GLASGOW City Council has announced that a taskforce will review the current model of the city’s famous Argyle, Buchanan and Sauchiehall Streets in the face of changing retail trends and the increase in vacant units and sites.
The move comes as the local authority said indications show the need to move to a mixed-use model in all town and city centres.
The review will take a masterplanning approach to reimagine the streets to help guide future planning policy and housing strategy – with the creation of a sustainable mix of uses being eyed to create a ‘modern, vibrant and sustainable’ city centre.
A priority in the review is Sauchiehall Street, with a vision to develop and drive footfall in the street with a mix of uses and high-quality public realm in the context of the emerging proposals for the Buchanan Galleries.
Glasgow’s City Centre Task Force (CCTF) – whose membership comes from local, national and UK Government; the Glasgow Chamber of Commerce; and the core city sectors – will also be involved in the review.
Councillor Angus Millar, depute convener for inclusive economic growth at Glasgow City Council and co-chair of the city centre task force, said, “We all want our city centre to be a place where people want to live, work, shop, visit, invest and do business. Sauchiehall, Argyle and Buchanan Streets are at the heart of Glasgow’s shopping district, but we know that the retail sector is changing.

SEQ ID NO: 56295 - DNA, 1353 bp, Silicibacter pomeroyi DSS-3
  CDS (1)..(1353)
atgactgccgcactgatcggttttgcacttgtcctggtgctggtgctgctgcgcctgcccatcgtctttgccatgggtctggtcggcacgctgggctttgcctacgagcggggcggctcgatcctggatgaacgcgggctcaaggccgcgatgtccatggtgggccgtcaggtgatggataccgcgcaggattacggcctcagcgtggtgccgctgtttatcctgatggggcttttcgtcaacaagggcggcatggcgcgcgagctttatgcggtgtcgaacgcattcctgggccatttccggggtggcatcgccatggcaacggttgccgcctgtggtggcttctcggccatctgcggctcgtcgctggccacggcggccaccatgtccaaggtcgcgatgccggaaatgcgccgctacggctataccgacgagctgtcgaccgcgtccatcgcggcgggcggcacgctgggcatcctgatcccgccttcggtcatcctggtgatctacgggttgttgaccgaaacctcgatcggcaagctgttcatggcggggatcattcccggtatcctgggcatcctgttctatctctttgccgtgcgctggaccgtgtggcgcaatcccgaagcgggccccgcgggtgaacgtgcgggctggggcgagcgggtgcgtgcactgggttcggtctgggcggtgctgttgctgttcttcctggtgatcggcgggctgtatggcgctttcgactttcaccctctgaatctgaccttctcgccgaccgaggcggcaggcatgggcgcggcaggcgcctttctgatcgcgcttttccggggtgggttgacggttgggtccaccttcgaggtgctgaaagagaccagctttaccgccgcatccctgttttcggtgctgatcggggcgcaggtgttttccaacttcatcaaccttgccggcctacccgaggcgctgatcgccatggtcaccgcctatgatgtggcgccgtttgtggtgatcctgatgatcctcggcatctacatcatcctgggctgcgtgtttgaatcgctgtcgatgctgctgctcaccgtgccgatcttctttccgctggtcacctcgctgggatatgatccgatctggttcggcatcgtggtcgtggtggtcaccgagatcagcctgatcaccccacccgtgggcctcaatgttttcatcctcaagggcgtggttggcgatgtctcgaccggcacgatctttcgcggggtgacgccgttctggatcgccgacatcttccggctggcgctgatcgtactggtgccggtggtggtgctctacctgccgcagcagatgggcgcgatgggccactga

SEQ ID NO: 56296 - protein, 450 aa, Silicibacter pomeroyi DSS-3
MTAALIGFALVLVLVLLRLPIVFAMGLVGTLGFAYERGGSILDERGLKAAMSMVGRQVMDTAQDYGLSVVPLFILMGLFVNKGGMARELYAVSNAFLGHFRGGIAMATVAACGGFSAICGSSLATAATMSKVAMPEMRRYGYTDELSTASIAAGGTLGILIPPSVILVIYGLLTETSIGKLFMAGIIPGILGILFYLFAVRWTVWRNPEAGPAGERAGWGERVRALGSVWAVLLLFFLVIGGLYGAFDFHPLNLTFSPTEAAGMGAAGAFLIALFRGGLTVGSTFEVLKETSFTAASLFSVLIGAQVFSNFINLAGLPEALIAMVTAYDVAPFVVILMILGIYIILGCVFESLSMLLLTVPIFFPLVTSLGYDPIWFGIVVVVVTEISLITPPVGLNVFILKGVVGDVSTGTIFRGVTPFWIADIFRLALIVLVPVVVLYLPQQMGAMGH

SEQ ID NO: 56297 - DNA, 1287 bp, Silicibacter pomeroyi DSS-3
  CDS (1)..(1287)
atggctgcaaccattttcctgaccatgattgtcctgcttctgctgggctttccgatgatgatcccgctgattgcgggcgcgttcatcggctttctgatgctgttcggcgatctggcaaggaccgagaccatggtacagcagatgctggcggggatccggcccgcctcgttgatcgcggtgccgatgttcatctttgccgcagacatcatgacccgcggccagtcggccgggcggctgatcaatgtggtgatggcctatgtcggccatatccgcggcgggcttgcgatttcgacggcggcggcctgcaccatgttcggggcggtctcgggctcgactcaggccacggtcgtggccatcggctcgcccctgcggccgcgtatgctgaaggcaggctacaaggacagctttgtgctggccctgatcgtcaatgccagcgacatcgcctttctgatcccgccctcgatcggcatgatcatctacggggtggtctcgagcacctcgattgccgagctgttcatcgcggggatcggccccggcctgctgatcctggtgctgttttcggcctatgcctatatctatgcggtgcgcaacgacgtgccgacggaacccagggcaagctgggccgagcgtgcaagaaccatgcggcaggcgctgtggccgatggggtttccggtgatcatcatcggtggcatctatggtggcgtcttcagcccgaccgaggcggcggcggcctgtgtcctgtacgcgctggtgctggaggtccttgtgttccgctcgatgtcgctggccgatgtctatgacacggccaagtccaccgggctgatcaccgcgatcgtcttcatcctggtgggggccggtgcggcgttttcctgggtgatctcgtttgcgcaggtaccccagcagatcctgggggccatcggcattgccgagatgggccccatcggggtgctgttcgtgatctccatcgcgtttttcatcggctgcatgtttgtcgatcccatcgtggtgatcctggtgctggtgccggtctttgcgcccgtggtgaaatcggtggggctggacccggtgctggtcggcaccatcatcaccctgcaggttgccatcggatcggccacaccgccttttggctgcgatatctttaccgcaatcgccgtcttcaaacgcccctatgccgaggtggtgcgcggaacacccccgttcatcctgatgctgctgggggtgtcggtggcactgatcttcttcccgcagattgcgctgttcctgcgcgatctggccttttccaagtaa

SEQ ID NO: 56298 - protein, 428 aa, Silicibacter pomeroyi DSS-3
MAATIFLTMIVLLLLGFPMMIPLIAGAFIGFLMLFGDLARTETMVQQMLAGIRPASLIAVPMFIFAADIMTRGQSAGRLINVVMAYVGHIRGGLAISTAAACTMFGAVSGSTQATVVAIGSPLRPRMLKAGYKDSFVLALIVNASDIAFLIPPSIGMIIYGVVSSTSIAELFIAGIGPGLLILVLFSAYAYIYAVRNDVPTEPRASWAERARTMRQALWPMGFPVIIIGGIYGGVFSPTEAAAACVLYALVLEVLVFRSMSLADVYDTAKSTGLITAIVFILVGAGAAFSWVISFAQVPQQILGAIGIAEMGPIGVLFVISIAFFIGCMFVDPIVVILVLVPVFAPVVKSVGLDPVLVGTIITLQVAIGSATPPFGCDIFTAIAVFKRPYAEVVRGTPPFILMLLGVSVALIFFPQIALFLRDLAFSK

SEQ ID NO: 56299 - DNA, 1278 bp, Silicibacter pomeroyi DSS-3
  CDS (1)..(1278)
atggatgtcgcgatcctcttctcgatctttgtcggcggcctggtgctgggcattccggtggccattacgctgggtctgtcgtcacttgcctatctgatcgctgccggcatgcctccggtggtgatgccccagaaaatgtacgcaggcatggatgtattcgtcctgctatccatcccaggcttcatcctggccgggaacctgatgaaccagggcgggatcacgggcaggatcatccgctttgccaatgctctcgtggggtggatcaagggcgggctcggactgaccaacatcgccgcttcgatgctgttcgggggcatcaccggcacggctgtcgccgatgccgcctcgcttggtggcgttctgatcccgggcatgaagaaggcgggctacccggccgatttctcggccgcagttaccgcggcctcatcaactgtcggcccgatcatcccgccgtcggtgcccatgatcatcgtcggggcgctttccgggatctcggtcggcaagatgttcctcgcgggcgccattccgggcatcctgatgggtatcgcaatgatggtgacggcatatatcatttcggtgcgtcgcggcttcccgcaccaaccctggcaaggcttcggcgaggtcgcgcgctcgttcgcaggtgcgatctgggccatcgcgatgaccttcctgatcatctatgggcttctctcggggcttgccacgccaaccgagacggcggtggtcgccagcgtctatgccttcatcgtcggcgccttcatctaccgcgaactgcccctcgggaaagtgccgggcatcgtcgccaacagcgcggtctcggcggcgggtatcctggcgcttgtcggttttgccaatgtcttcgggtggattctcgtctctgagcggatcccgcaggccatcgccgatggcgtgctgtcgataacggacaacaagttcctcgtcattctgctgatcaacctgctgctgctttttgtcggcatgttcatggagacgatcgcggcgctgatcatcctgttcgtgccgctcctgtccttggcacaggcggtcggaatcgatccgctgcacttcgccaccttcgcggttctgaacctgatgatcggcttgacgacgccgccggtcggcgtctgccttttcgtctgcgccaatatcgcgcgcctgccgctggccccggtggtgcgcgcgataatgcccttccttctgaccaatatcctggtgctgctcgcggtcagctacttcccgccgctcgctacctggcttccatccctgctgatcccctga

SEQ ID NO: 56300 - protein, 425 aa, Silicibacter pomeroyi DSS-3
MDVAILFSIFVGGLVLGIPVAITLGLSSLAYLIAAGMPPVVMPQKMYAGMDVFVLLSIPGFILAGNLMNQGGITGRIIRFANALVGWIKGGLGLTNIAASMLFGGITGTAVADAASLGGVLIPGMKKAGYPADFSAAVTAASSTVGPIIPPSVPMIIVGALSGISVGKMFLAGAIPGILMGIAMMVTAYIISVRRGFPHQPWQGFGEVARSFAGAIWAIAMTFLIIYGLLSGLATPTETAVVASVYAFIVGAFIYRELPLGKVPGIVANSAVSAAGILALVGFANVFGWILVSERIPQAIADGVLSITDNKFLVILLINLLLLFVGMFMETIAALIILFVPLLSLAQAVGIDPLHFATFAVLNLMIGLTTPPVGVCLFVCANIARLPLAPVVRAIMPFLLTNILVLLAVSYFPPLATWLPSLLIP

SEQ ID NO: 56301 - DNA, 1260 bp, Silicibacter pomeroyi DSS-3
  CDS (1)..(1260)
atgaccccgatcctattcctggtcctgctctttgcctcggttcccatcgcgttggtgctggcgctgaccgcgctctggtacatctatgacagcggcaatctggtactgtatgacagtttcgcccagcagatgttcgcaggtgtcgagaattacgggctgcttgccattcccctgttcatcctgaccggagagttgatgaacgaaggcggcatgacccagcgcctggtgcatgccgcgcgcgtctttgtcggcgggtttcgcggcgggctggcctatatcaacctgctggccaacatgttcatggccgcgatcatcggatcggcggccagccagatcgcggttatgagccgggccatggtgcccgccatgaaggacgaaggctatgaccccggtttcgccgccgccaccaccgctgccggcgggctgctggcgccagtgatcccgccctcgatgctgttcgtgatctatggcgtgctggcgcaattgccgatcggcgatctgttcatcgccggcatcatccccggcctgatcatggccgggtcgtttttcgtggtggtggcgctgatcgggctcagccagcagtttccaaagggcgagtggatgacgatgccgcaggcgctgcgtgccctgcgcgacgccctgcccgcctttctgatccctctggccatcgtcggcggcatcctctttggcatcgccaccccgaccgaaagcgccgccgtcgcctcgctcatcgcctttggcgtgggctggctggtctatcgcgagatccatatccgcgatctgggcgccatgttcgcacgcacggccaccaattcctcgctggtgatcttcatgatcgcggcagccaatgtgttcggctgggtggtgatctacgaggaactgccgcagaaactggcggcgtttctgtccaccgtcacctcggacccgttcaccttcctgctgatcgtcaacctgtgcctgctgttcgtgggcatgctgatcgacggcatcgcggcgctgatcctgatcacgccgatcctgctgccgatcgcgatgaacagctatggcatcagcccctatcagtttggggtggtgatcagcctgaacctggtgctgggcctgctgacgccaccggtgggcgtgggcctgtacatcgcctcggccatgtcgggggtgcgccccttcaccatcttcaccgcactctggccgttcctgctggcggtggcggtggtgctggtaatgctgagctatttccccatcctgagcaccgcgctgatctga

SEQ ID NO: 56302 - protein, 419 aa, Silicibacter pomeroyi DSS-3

“Securing a vibrant, sustainable future for the city centre will mean supporting a range of uses – including retail, hospitality, office and residential – and undertaking a masterplanning approach will help identify the right mix for these key destination streets.
“It’s vital that we take a strategic approach to supporting areas like Sauchiehall Street, identifying opportunities for the repurposing of vacant retail/commercial units, redeveloping gap sites and reviewing the balance of different uses of property there. This review will make a significant contribution to our recovery efforts and promoting a positive future for our city centre.”
Stuart Patrick, chief executive of Glasgow Chamber of Commerce, added, “Glasgow has a city centre that relies not only on the footfall of local residents but on the wider catchment areas where the population traditionally depends on Glasgow for their shopping and leisure needs. As such, our city centre was disproportionately impacted by travel restrictions amid the pandemic, with recent closures such as Next on Argyle Street and Marks and Spencer on Sauchiehall Street highlighting just how in need of a masterplan our city is.
“We warmly welcome this recent announcement and look forward to working closely with the CCTF to consider how we create the conditions that will breathe life into the core of the city to increase footfall and attract future investment as we continue to grow and develop. This is an exciting time for Glasgow city centre and news of development proposals from St Enoch Centre, Buchanan Galleries and the City Innovation Districts will play a significant role in those plans.”